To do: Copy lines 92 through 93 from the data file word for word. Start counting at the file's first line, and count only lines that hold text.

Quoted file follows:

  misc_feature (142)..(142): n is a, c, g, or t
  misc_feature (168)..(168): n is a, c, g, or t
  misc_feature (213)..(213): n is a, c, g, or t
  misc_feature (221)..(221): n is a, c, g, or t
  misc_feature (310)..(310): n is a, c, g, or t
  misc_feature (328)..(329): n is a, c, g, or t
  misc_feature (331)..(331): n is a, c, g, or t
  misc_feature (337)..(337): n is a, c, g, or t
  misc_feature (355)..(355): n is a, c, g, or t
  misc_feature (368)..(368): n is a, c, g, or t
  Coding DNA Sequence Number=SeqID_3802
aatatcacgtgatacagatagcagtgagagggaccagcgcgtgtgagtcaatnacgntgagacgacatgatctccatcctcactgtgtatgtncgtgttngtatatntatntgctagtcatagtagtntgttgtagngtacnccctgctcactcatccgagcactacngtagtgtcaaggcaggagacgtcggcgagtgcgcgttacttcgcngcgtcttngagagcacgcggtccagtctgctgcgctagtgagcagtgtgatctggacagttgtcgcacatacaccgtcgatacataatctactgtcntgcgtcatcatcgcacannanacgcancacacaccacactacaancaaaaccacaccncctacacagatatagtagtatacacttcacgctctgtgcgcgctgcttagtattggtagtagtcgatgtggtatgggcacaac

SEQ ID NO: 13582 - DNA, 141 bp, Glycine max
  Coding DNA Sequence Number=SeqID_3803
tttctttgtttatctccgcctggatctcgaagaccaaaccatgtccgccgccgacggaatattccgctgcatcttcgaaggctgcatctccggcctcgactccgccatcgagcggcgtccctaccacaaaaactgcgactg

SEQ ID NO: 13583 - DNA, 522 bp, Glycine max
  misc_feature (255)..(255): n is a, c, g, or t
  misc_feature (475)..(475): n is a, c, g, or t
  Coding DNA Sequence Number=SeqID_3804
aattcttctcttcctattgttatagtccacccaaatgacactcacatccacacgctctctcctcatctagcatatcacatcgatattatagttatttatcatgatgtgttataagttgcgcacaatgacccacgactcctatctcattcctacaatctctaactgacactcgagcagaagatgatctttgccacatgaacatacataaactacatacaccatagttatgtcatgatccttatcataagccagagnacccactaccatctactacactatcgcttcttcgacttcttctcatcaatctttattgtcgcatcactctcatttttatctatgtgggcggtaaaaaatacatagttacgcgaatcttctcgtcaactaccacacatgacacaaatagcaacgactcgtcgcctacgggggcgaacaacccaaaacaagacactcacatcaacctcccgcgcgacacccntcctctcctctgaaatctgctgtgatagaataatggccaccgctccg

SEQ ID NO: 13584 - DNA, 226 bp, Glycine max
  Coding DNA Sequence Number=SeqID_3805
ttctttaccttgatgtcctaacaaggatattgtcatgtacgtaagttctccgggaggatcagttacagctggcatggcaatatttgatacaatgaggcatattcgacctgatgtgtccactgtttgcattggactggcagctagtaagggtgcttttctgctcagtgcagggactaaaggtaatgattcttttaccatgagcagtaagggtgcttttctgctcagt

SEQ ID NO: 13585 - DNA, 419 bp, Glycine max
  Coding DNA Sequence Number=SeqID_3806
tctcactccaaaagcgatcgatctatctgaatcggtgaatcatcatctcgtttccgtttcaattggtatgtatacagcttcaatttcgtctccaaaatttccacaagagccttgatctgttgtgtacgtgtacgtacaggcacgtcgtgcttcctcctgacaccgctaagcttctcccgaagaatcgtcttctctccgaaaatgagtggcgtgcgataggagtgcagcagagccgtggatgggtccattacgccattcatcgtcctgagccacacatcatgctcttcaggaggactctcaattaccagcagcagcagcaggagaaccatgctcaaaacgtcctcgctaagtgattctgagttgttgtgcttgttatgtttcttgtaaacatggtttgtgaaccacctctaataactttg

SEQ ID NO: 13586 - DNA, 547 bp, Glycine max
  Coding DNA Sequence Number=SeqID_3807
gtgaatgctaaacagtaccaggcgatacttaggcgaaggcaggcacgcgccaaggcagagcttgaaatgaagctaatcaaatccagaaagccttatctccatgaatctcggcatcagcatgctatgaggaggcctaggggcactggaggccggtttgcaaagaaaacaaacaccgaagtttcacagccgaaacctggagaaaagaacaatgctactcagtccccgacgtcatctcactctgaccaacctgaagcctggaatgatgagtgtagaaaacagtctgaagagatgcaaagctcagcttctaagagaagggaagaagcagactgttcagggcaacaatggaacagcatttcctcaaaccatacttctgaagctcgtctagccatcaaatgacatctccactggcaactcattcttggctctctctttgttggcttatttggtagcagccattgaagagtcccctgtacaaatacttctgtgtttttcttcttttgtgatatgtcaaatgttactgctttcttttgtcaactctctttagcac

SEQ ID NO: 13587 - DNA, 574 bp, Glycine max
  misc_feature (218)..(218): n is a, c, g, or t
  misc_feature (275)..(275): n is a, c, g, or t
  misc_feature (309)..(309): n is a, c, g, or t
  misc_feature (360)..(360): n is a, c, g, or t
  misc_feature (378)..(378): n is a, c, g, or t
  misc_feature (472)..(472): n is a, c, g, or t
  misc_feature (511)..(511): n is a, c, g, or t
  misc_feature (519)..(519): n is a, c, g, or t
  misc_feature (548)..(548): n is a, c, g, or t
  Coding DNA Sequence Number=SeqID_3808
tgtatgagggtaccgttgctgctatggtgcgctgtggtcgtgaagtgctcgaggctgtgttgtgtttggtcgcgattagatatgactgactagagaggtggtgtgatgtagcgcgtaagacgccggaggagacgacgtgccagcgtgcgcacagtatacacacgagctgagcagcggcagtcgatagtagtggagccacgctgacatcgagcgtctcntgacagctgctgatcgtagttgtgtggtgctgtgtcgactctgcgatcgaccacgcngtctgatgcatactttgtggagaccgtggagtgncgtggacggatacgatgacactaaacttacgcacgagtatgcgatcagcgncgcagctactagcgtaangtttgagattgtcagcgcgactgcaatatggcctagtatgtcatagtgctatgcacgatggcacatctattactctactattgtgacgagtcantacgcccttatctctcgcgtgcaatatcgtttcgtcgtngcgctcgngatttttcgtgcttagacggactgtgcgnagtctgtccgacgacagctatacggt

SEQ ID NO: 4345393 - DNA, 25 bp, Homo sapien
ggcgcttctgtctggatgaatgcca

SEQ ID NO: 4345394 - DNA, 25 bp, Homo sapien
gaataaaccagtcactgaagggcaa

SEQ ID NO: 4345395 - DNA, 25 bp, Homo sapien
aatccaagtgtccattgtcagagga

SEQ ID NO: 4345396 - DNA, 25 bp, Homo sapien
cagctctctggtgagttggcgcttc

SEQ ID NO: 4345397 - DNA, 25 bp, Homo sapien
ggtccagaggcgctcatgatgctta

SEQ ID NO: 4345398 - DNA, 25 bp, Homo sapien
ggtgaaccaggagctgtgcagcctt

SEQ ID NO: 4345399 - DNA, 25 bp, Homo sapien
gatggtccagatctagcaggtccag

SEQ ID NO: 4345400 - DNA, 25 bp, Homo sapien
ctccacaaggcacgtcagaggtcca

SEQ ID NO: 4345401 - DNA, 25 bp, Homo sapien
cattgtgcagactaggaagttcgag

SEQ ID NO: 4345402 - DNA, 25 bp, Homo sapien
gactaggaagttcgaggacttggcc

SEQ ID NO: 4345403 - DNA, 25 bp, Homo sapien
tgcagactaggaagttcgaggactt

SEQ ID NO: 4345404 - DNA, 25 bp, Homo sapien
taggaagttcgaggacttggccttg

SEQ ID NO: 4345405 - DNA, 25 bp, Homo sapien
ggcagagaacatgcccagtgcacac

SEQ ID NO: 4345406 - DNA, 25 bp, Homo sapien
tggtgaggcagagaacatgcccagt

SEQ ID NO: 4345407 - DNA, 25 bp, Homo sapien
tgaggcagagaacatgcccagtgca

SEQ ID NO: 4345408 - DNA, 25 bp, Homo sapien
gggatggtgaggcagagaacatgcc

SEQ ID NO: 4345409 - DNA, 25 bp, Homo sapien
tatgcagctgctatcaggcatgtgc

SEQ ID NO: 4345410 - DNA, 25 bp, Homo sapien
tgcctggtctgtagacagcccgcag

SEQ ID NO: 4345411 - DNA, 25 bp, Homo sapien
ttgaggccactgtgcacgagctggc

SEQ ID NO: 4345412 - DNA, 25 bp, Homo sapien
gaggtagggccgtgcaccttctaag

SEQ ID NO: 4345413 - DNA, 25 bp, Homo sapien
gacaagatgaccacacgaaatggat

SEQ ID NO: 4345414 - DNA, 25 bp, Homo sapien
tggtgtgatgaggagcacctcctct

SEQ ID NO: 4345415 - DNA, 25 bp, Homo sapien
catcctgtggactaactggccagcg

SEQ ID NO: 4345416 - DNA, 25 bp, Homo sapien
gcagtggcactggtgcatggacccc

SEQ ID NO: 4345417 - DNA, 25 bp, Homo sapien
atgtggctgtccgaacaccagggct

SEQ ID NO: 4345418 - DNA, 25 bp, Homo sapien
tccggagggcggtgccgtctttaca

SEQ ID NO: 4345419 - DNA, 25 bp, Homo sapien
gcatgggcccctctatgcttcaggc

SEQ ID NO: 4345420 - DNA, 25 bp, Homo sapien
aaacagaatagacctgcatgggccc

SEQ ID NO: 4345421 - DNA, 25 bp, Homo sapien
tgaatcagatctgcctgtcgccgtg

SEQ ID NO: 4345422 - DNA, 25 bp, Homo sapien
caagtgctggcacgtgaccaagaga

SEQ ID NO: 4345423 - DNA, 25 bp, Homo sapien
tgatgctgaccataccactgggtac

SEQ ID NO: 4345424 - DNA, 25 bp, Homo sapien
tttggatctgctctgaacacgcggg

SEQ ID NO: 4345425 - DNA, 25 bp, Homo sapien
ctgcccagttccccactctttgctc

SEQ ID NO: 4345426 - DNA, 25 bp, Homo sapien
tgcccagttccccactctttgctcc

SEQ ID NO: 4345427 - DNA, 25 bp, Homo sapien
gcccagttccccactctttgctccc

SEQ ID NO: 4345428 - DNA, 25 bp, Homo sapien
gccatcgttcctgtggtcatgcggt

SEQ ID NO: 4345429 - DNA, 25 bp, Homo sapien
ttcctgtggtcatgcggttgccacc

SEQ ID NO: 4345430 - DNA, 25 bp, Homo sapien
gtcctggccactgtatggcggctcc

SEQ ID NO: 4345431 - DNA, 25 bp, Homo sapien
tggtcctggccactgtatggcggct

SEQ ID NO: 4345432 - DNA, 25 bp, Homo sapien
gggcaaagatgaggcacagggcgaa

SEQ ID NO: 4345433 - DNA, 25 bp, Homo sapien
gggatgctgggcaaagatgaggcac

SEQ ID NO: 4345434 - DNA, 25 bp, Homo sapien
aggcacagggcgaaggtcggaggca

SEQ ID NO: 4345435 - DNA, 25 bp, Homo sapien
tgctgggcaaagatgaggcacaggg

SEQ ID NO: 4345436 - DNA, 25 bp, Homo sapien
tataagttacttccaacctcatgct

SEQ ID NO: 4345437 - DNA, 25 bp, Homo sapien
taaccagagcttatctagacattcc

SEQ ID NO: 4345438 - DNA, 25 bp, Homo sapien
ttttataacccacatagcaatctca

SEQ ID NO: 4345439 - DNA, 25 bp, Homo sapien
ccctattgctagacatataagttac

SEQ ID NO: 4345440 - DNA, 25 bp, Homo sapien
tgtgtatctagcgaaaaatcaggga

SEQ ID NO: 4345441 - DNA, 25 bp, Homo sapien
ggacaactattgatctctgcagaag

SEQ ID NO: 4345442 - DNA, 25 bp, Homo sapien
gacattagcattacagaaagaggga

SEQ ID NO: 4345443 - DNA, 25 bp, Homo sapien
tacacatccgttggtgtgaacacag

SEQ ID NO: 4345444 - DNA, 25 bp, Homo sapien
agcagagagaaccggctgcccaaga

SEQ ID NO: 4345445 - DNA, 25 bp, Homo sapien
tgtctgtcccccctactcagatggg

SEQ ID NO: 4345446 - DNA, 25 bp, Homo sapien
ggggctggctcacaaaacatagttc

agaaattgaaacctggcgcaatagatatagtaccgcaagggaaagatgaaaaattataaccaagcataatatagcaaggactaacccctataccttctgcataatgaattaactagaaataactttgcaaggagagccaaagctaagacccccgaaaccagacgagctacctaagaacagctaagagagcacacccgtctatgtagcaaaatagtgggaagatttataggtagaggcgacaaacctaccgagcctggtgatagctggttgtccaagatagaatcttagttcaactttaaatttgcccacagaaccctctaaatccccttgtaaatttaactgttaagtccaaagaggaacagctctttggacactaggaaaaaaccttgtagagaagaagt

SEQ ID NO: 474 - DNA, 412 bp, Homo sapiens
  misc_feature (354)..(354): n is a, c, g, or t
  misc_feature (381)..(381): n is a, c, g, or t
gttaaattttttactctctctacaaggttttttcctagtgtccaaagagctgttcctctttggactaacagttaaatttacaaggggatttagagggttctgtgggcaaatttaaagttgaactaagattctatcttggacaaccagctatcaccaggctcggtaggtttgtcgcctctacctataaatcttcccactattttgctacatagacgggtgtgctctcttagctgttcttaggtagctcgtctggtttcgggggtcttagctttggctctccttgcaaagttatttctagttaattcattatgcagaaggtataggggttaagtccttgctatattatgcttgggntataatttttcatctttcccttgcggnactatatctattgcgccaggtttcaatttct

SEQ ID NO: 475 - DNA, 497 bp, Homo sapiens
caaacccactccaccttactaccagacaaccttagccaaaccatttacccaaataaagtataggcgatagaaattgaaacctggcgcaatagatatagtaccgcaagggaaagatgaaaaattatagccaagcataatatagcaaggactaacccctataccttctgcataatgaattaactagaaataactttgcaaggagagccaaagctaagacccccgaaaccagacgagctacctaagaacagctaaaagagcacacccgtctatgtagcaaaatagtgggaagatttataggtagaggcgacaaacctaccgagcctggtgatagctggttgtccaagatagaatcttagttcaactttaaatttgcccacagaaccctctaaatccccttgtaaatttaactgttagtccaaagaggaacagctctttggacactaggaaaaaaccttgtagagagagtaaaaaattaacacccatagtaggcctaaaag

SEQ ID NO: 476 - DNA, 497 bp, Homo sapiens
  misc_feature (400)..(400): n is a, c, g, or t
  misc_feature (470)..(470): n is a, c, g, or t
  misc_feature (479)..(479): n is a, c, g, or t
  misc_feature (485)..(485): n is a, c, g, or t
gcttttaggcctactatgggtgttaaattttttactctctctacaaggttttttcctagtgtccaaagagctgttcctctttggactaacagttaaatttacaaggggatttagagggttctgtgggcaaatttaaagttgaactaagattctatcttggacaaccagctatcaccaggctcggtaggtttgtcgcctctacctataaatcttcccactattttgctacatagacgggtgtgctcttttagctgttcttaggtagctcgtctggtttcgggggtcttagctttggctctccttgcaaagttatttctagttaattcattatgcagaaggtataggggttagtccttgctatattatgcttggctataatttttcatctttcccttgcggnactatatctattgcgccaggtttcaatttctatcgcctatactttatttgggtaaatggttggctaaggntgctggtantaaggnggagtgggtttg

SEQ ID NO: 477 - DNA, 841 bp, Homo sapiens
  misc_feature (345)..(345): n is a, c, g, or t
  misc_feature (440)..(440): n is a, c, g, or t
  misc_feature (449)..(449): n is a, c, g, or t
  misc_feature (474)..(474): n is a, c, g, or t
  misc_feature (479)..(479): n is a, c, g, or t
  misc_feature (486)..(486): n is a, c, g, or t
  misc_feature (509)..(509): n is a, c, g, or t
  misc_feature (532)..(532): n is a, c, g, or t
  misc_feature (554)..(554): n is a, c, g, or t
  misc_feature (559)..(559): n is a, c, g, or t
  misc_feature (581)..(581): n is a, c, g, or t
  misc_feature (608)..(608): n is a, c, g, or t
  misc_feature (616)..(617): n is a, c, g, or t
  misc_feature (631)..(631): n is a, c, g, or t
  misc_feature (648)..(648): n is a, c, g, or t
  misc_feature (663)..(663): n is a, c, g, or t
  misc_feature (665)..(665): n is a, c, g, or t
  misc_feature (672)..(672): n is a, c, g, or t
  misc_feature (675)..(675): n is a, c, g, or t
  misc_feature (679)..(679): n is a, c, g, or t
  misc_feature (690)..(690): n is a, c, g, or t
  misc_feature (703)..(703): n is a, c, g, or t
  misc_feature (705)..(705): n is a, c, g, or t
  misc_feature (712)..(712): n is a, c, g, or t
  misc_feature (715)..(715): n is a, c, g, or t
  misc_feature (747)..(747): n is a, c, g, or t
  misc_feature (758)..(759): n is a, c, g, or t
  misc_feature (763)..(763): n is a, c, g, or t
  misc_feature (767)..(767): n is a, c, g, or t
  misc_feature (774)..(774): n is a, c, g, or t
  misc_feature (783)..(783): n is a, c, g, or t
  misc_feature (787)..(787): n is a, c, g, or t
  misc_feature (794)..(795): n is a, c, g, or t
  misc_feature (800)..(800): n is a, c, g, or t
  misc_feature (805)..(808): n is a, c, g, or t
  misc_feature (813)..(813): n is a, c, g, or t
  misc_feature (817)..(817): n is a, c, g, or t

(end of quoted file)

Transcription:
SEQ ID NO: 4345418 - DNA, 25 bp, Homo sapien
tccggagggcggtgccgtctttaca